Loyola men’s volleyball coach Mark Hulse was going to be a lawyer. That all changed after a summer internship where some attorneys told him not to become a lawyer.
“I think in my heart of hearts I always wanted to teach,” Hulse said. “I probably majored in volleyball as much as I majored in political science. So this is what better way, right? Coaches are, I think first and foremost, teachers.”
Hulse, now 33, graduated college in 2009, just a year following the 2008 financial crisis — one of the biggest economic downturns in the United States since the Great Depression. He had decided to not go to law school, but wasn’t exactly sure what he wanted to do and the state of the economy didn’t help the situation much.
He caught the “coaching bug” shortly after graduating from Pepperdine University. He said he was working as many as five jobs at a time, three of which were coaching club volleyball teams.
It’s there Hulse was introduced to Shane Davis, Loyola men’s volleyball coach at the time. Davis and his wife owned the club Hulse was coaching for, and it allowed the two to get to know each other a little more.
Davis had coached against Hulse while he played at Rutgers University before transferring to Pepperdine. But it was really this moment that put Hulse on his radar in terms of coaching.
“I didn’t need somebody who had the most volleyball knowledge or most coaching experience,” Davis said. “I wanted somebody with strong character, great integrity, a sense of humor and just a lot of self-awareness, but also social awareness.”
Hulse applied despite feeling “unqualified.” Davis said he already viewed Hulse as a top candidate, but he grew more impressed with each conversation.
At 23, Hulse made the jump from club coaching to collegiate coaching and he said it “blossomed from there.”
“I was young. I still have the bug,” Hulse said. “I still want to compete. I wanted to be part of it and feel like we were kind of working towards something. And I think the combination of all that was pretty appealing to me.”
Despite some uncertainties, he felt he had a good grasp on the basics of coaching to help him get a start at the collegiate coaching level. He said he had a solid grasp on a skill needed to coach: communication.
“You got to know the game,” Hulse said. “You have to know the technical stuff. But at the end of the day, like there’s plenty of people who know it but can’t teach it because [they] can’t communicate it. And I think I realized pretty quickly that I was okay at communicating it”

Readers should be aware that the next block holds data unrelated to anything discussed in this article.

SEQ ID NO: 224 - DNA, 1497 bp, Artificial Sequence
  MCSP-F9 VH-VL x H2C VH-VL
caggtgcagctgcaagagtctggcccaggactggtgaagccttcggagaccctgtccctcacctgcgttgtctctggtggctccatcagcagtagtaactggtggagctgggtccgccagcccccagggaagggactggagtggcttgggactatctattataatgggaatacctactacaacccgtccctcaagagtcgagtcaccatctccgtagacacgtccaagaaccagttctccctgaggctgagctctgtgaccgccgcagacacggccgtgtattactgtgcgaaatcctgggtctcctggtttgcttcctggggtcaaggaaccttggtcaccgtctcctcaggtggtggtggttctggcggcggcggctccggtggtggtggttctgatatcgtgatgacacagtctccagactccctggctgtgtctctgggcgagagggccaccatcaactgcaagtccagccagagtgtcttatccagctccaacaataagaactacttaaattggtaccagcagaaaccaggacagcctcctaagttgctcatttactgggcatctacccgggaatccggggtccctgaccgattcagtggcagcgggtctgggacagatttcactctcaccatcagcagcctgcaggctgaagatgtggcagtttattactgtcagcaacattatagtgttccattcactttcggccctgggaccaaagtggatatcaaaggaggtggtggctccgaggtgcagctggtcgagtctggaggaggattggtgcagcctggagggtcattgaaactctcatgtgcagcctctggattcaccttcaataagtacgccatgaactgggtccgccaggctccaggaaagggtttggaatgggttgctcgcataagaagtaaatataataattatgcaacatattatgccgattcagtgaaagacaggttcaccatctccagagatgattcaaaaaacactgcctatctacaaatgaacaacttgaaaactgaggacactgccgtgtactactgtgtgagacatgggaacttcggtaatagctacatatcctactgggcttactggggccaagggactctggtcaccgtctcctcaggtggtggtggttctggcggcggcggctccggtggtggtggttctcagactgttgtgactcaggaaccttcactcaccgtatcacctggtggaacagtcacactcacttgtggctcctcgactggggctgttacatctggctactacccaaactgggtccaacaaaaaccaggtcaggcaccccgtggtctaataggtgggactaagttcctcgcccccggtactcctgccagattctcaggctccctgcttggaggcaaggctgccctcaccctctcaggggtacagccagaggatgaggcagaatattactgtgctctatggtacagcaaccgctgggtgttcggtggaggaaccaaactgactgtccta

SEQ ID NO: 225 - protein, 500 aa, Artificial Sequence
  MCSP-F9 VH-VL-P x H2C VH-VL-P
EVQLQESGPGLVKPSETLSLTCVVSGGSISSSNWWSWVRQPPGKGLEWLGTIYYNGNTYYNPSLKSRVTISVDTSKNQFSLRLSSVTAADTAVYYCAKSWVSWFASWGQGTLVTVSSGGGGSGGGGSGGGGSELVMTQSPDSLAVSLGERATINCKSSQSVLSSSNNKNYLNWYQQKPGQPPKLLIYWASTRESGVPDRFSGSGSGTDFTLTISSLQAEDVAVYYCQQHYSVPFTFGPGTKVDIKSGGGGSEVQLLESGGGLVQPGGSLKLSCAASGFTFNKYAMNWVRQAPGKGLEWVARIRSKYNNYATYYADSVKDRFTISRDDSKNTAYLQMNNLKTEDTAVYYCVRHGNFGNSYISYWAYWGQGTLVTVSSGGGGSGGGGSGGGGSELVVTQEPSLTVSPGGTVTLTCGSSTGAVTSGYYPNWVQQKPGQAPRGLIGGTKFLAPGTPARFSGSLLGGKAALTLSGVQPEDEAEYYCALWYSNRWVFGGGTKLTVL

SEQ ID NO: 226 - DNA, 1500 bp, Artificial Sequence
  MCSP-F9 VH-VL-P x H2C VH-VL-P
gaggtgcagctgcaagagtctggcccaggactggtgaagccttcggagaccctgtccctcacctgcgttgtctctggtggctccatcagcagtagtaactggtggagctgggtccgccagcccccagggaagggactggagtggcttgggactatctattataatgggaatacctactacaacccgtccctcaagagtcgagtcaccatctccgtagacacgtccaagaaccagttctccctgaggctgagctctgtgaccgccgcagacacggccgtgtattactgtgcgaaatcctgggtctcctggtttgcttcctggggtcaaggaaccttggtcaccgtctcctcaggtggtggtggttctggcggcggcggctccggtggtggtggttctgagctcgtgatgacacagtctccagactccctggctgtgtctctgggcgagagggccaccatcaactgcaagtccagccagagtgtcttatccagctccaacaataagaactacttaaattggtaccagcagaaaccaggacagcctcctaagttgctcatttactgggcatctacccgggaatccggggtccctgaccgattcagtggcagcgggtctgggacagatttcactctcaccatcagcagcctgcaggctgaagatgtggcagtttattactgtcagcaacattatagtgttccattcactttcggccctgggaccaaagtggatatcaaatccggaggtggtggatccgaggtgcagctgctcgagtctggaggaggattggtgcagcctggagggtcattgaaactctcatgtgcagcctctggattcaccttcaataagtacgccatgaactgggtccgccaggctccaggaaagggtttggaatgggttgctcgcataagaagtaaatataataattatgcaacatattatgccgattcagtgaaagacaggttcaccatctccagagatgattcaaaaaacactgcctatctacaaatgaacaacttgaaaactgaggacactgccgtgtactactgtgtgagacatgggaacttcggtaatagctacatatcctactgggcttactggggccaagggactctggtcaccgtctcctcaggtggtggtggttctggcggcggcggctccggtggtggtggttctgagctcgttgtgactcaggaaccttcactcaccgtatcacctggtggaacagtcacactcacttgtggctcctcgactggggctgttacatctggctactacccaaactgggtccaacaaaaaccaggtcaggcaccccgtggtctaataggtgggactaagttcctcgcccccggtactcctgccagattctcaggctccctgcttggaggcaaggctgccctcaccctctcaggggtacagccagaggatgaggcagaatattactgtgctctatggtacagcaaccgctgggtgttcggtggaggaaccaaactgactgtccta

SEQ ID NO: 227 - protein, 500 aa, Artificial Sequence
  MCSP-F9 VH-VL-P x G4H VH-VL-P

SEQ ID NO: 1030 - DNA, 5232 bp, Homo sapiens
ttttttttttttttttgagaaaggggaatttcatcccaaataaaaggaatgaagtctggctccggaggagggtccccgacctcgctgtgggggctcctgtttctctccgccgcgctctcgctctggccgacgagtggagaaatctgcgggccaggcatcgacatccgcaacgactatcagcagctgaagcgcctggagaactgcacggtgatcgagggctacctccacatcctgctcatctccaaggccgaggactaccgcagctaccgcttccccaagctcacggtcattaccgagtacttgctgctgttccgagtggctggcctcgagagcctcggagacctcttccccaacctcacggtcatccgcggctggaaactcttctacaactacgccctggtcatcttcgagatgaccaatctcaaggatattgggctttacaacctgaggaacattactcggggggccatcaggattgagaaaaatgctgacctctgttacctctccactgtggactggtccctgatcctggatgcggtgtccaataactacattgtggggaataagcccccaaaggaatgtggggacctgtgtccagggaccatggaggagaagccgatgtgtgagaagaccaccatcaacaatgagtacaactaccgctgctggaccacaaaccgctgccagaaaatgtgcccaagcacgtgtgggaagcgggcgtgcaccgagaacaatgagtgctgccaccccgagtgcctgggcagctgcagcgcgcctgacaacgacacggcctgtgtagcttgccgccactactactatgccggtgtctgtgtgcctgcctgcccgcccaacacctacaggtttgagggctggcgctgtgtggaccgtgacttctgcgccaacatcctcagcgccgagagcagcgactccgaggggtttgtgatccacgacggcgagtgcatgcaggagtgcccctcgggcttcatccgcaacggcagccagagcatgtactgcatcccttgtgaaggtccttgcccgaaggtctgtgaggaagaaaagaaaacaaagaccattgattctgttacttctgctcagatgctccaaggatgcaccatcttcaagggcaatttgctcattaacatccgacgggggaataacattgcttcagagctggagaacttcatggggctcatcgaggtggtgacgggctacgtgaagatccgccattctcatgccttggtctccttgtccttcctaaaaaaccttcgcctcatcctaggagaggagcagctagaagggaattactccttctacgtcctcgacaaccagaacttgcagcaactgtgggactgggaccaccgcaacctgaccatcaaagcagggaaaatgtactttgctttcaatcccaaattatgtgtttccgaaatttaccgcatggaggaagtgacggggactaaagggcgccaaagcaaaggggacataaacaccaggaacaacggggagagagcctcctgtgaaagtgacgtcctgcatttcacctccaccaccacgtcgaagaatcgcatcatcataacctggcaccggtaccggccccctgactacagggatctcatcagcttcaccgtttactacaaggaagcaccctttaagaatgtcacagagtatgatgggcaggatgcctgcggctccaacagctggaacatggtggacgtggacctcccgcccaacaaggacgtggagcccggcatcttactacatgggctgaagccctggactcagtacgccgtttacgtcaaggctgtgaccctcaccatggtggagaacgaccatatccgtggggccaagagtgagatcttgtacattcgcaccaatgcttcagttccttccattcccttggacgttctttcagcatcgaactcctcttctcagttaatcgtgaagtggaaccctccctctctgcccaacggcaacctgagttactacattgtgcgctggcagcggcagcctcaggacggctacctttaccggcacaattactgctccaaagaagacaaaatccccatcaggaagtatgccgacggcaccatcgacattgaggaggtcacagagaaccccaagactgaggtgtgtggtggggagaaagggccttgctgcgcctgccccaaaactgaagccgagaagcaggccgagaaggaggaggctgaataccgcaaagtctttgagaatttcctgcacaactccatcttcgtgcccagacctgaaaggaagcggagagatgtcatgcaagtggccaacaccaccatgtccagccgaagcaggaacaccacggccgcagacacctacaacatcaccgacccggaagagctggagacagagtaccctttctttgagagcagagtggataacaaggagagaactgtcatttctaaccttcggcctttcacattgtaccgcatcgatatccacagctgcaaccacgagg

During his time as an assistant coach at Loyola, he helped the team to two NCAA titles, three Final Four appearances and three Midwestern Intercollegiate Volleyball Association championships.
On top of his coaching at Loyola, Hulse served as a coach for the USA Youth A1 National Training Program in 2012, 2014 and 2016. He was also an assistant coach for the 2012 USA Volleyball Youth National Team that took third at the North, Central America and Caribbean Volleyball Confederation Qualifier.
Those accolades led him to take over as head coach at Loyola in 2016 at the young age of 29, following Davis’ departure to coach for Northwestern University. He has since led the team to four straight winning seasons and even thinks the team could have turned this season around had it not been stopped short due to the COVID-19 pandemic.
“By the end of this year, I think we could have had something pretty special, something we didn’t have at the beginning of the year,” Hulse said. “[I like] watching groups and the people that make up the groups grow to become something where the whole is greater than the sum of the parts.”
Hulse said his favorite part of his job is living vicariously through the guys he’s coaching. He said he likes to reflect on his collegiate years and provide advice he would’ve wanted when he was their age.
“You catch people at this really transformative and impactful time of their lives, where they’re kind of really starting to become the people they’re going to be,” Hulse said.
Winning and coaching go hand in hand. Usually a measure of a coach’s success is based on winning. Hulse said can create people doing the job for the wrong reasons.
Hulse said that it’s easy to make coaching about himself, but something he prides himself on is keeping it about the players.
“I think there’s a fair amount of ego in coaching and I really try to check mine,” Hulse said. “I’m conscious. This is not about me at all. And I think for a lot of coaches it’s very much about them. This is all about the guys.”